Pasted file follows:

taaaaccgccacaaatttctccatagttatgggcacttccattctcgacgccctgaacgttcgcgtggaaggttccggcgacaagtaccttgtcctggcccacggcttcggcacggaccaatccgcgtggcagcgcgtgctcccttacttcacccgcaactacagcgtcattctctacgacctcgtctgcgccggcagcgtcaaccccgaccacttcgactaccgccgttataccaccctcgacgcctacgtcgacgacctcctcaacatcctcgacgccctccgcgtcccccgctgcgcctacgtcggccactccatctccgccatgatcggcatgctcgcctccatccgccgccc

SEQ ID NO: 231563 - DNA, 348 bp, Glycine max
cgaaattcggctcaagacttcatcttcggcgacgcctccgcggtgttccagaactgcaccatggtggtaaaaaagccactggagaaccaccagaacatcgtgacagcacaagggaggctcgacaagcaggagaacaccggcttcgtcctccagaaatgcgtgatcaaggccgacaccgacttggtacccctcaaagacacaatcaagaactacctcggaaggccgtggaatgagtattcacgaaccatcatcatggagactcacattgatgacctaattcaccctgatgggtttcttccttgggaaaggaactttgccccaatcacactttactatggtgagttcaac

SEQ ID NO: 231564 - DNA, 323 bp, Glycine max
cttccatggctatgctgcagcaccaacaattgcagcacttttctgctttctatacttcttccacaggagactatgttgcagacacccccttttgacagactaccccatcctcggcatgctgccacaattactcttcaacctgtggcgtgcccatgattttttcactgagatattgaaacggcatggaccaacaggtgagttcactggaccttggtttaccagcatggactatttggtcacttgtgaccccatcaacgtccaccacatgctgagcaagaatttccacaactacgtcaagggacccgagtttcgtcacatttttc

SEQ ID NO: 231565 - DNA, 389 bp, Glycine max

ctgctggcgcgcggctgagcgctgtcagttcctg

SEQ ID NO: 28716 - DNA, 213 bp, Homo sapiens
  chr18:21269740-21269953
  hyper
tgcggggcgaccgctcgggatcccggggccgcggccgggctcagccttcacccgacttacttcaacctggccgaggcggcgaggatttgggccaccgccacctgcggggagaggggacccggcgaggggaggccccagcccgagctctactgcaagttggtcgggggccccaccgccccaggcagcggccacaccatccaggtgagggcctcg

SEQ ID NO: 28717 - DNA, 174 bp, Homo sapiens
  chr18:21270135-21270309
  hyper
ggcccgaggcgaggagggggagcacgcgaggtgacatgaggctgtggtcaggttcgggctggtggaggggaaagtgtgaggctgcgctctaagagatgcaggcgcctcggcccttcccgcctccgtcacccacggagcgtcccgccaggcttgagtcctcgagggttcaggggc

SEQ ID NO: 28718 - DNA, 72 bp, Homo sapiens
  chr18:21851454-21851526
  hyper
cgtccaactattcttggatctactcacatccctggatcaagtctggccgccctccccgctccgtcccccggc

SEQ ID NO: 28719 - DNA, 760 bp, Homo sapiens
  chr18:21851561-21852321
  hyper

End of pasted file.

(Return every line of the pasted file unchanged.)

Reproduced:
taaaaccgccacaaatttctccatagttatgggcacttccattctcgacgccctgaacgttcgcgtggaaggttccggcgacaagtaccttgtcctggcccacggcttcggcacggaccaatccgcgtggcagcgcgtgctcccttacttcacccgcaactacagcgtcattctctacgacctcgtctgcgccggcagcgtcaaccccgaccacttcgactaccgccgttataccaccctcgacgcctacgtcgacgacctcctcaacatcctcgacgccctccgcgtcccccgctgcgcctacgtcggccactccatctccgccatgatcggcatgctcgcctccatccgccgccc

SEQ ID NO: 231563 - DNA, 348 bp, Glycine max
cgaaattcggctcaagacttcatcttcggcgacgcctccgcggtgttccagaactgcaccatggtggtaaaaaagccactggagaaccaccagaacatcgtgacagcacaagggaggctcgacaagcaggagaacaccggcttcgtcctccagaaatgcgtgatcaaggccgacaccgacttggtacccctcaaagacacaatcaagaactacctcggaaggccgtggaatgagtattcacgaaccatcatcatggagactcacattgatgacctaattcaccctgatgggtttcttccttgggaaaggaactttgccccaatcacactttactatggtgagttcaac

SEQ ID NO: 231564 - DNA, 323 bp, Glycine max
cttccatggctatgctgcagcaccaacaattgcagcacttttctgctttctatacttcttccacaggagactatgttgcagacacccccttttgacagactaccccatcctcggcatgctgccacaattactcttcaacctgtggcgtgcccatgattttttcactgagatattgaaacggcatggaccaacaggtgagttcactggaccttggtttaccagcatggactatttggtcacttgtgaccccatcaacgtccaccacatgctgagcaagaatttccacaactacgtcaagggacccgagtttcgtcacatttttc

SEQ ID NO: 231565 - DNA, 389 bp, Glycine max

ctgctggcgcgcggctgagcgctgtcagttcctg

SEQ ID NO: 28716 - DNA, 213 bp, Homo sapiens
  chr18:21269740-21269953
  hyper
tgcggggcgaccgctcgggatcccggggccgcggccgggctcagccttcacccgacttacttcaacctggccgaggcggcgaggatttgggccaccgccacctgcggggagaggggacccggcgaggggaggccccagcccgagctctactgcaagttggtcgggggccccaccgccccaggcagcggccacaccatccaggtgagggcctcg

SEQ ID NO: 28717 - DNA, 174 bp, Homo sapiens
  chr18:21270135-21270309
  hyper
ggcccgaggcgaggagggggagcacgcgaggtgacatgaggctgtggtcaggttcgggctggtggaggggaaagtgtgaggctgcgctctaagagatgcaggcgcctcggcccttcccgcctccgtcacccacggagcgtcccgccaggcttgagtcctcgagggttcaggggc

SEQ ID NO: 28718 - DNA, 72 bp, Homo sapiens
  chr18:21851454-21851526
  hyper
cgtccaactattcttggatctactcacatccctggatcaagtctggccgccctccccgctccgtcccccggc

SEQ ID NO: 28719 - DNA, 760 bp, Homo sapiens
  chr18:21851561-21852321
  hyper